Montpelier, VT -- August 30, 2007

Taking a break from work at the bank, reading the first Harry Potter. She’s already read them all, including the latest and now is starting over to read them all again. What makes these books so popular? It’s an escape.

Her favorite book of all time—Jane Austen’s Persuasion. She’s read it about three or four times and, though she likes Jane Austen’s other novels, this one is her favorite. It’s familiar, comfortable.

Recently she’s read The Map Maker’s Wife: A True Tale of Love, Murder, and Survival in the Amazon, by Robert Whitaker and these Harry Potter novels.

Her own book? Never.

She lives in Walden, near Montpelier. It’s a little town so small the roads aren’t even paved. What she likes about it? What is there not to like. She grew up spending summers in Vermont and now she lives here.

Has a book ever helped her become closer to another person? Not a specific book, but she formed a book club with a group of women she worked with and they’ve been friends now for ten years. They read The Spirit Catches You and You Fall Down: A Hmong Child, Her American Doctors and the Collision of Two Cultures, by Anne Fadiman; An Instance of the Fingerpost, by Iain Pears; The Red Azalea, by Anchee Min; and The Red Tent, by Anita Diamant. They still see each other a bunch but no longer get together for book group.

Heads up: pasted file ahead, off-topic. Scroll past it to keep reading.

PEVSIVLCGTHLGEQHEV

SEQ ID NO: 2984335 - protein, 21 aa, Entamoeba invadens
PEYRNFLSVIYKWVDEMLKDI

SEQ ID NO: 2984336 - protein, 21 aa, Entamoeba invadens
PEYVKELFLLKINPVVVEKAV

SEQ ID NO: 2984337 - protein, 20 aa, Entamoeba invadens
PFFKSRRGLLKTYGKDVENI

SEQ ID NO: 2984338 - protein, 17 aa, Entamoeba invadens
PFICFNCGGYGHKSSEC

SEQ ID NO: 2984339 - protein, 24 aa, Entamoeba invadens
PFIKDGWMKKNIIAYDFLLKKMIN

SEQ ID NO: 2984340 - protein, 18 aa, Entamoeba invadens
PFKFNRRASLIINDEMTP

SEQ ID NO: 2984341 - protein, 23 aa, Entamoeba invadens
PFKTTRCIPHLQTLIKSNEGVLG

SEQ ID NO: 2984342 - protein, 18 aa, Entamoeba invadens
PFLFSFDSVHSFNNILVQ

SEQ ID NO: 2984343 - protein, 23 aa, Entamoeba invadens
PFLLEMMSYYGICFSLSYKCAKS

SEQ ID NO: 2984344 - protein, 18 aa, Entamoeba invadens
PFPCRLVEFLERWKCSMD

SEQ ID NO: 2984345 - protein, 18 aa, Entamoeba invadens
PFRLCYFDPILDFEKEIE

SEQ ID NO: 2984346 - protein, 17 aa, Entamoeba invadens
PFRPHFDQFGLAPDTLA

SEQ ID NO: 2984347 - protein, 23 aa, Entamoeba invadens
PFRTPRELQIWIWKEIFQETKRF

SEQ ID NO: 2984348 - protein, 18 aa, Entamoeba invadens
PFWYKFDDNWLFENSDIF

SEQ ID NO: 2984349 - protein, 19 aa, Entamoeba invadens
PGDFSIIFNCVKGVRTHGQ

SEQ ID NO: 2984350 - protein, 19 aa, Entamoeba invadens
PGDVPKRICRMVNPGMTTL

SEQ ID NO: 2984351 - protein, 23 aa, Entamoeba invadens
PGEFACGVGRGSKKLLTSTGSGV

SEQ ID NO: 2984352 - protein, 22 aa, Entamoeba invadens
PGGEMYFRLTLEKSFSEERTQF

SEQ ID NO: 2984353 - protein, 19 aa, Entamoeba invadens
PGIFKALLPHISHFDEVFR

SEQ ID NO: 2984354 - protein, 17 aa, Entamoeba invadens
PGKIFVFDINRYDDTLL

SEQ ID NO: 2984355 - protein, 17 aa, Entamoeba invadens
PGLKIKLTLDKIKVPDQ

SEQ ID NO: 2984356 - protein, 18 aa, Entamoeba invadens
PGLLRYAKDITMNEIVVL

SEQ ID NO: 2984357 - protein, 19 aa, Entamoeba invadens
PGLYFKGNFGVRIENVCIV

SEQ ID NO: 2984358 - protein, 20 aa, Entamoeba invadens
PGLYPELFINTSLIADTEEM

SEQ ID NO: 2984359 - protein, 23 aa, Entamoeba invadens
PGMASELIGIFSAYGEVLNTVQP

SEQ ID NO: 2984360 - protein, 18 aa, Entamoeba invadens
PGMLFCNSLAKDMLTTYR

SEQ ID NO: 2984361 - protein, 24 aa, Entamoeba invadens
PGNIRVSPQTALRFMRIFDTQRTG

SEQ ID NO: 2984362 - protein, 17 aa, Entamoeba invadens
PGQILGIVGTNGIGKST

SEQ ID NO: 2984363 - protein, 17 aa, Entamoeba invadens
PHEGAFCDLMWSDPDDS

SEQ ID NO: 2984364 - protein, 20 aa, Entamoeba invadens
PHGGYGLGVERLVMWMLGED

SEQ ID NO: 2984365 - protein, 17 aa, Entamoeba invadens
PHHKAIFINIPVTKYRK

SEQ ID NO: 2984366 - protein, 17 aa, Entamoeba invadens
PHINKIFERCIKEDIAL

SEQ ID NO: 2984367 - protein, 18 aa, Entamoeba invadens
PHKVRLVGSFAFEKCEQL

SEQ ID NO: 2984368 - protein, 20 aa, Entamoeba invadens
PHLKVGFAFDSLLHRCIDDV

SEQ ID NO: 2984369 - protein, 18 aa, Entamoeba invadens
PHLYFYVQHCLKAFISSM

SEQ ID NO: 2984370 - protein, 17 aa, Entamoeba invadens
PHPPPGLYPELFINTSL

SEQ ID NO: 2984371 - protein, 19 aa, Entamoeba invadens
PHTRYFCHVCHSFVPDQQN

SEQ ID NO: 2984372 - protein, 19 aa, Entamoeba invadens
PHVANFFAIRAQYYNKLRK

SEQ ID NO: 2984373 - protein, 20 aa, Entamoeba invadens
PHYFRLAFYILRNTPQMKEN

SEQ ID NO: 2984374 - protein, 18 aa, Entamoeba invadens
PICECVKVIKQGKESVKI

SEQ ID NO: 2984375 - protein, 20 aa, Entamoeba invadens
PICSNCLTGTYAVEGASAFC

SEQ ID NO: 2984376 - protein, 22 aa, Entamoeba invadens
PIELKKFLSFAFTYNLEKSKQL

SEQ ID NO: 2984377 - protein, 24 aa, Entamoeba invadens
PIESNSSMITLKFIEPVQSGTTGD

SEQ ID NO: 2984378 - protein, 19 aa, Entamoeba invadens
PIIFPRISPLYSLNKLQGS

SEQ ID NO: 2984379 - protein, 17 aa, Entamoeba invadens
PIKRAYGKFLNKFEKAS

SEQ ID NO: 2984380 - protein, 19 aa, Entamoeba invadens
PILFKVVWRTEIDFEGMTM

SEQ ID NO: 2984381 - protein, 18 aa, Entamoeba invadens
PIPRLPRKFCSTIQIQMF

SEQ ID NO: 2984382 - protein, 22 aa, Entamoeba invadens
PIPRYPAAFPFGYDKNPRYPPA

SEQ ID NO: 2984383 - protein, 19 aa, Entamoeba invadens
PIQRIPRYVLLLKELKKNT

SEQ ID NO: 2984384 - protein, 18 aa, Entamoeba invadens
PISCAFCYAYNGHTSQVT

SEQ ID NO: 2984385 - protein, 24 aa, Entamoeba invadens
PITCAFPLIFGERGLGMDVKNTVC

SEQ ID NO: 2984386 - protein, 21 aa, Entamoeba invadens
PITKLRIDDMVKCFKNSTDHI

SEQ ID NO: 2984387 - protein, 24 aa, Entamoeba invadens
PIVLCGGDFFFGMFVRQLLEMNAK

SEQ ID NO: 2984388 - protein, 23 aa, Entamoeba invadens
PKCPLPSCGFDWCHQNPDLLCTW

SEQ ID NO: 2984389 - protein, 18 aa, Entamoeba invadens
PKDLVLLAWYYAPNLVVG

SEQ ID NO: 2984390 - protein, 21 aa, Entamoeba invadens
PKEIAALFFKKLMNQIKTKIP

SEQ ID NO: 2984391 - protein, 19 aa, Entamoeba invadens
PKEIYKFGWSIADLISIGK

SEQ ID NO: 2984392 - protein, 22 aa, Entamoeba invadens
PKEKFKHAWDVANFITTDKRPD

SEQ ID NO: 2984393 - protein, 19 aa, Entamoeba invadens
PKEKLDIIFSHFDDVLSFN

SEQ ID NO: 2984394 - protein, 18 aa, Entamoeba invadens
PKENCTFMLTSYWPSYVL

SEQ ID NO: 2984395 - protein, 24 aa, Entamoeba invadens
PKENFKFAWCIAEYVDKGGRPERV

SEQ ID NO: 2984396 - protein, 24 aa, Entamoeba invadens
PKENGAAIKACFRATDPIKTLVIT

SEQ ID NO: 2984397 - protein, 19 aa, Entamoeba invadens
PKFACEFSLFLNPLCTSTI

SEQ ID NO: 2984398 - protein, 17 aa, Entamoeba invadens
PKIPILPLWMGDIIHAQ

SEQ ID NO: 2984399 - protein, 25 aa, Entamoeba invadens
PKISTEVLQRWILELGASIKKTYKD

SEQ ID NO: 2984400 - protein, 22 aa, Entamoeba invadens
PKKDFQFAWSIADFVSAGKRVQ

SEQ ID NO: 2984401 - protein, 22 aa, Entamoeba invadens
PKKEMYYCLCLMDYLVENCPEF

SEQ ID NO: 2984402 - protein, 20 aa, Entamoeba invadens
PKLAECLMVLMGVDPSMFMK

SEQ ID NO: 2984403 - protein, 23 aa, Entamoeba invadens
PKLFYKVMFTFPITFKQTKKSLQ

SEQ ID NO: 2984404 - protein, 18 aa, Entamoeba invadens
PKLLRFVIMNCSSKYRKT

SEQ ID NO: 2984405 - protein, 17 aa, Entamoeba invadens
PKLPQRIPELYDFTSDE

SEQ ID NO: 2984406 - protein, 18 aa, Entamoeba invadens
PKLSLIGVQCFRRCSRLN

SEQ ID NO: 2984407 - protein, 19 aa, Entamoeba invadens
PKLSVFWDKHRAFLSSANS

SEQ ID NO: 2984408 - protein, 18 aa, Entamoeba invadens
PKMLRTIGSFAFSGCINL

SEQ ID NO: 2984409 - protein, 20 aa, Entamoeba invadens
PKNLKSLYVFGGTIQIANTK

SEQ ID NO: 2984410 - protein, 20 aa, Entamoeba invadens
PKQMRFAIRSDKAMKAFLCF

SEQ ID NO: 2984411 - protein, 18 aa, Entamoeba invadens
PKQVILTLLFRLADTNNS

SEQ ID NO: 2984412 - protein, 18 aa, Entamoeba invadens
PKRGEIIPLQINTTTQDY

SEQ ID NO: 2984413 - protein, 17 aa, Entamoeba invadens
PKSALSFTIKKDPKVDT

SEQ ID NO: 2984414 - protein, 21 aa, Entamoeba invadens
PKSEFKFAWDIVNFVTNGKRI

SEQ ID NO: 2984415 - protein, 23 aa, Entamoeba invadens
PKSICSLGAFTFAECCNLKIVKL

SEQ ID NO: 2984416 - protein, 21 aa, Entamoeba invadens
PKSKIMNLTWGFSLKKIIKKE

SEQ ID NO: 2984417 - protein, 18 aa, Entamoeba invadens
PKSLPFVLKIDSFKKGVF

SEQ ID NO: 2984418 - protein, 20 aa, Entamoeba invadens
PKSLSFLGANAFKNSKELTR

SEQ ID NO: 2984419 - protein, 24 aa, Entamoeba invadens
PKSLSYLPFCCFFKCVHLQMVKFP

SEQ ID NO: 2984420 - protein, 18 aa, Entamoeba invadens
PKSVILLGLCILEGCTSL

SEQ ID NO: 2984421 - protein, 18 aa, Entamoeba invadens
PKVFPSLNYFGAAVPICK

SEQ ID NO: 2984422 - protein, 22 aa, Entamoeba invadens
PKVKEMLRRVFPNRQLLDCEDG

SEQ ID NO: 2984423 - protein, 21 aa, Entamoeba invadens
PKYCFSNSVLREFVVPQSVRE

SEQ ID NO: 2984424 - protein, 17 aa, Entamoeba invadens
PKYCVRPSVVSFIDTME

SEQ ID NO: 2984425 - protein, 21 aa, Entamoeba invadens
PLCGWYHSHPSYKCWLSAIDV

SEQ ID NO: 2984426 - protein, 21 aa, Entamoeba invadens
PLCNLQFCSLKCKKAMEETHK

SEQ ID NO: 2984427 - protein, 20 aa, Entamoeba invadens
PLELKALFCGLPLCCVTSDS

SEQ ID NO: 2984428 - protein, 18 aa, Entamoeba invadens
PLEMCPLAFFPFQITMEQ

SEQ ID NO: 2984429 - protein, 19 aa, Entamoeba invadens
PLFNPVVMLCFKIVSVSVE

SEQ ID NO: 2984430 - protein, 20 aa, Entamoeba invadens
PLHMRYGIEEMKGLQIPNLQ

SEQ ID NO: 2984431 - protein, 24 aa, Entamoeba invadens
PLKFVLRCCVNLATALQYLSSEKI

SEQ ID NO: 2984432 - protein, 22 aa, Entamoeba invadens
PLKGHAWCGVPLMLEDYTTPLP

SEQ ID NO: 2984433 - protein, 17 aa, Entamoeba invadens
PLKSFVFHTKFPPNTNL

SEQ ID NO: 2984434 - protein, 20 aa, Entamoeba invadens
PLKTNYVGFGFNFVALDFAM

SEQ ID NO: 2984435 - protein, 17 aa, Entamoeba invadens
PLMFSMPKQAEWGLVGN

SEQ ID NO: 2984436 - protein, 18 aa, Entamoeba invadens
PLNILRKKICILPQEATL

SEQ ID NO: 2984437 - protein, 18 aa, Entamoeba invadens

A book that’s added something to her life--The Spirit Catches You and You Fall Down. Most of her friends in her book group work with developmentally disabled or emotionally disturbed kids. The book talks about a Loatan family where one of them has epilepsy, and it’s not treated as a disease, but as a spirit catching you. It was welcoming, she said, to have another perspective, to take the medical out of it.

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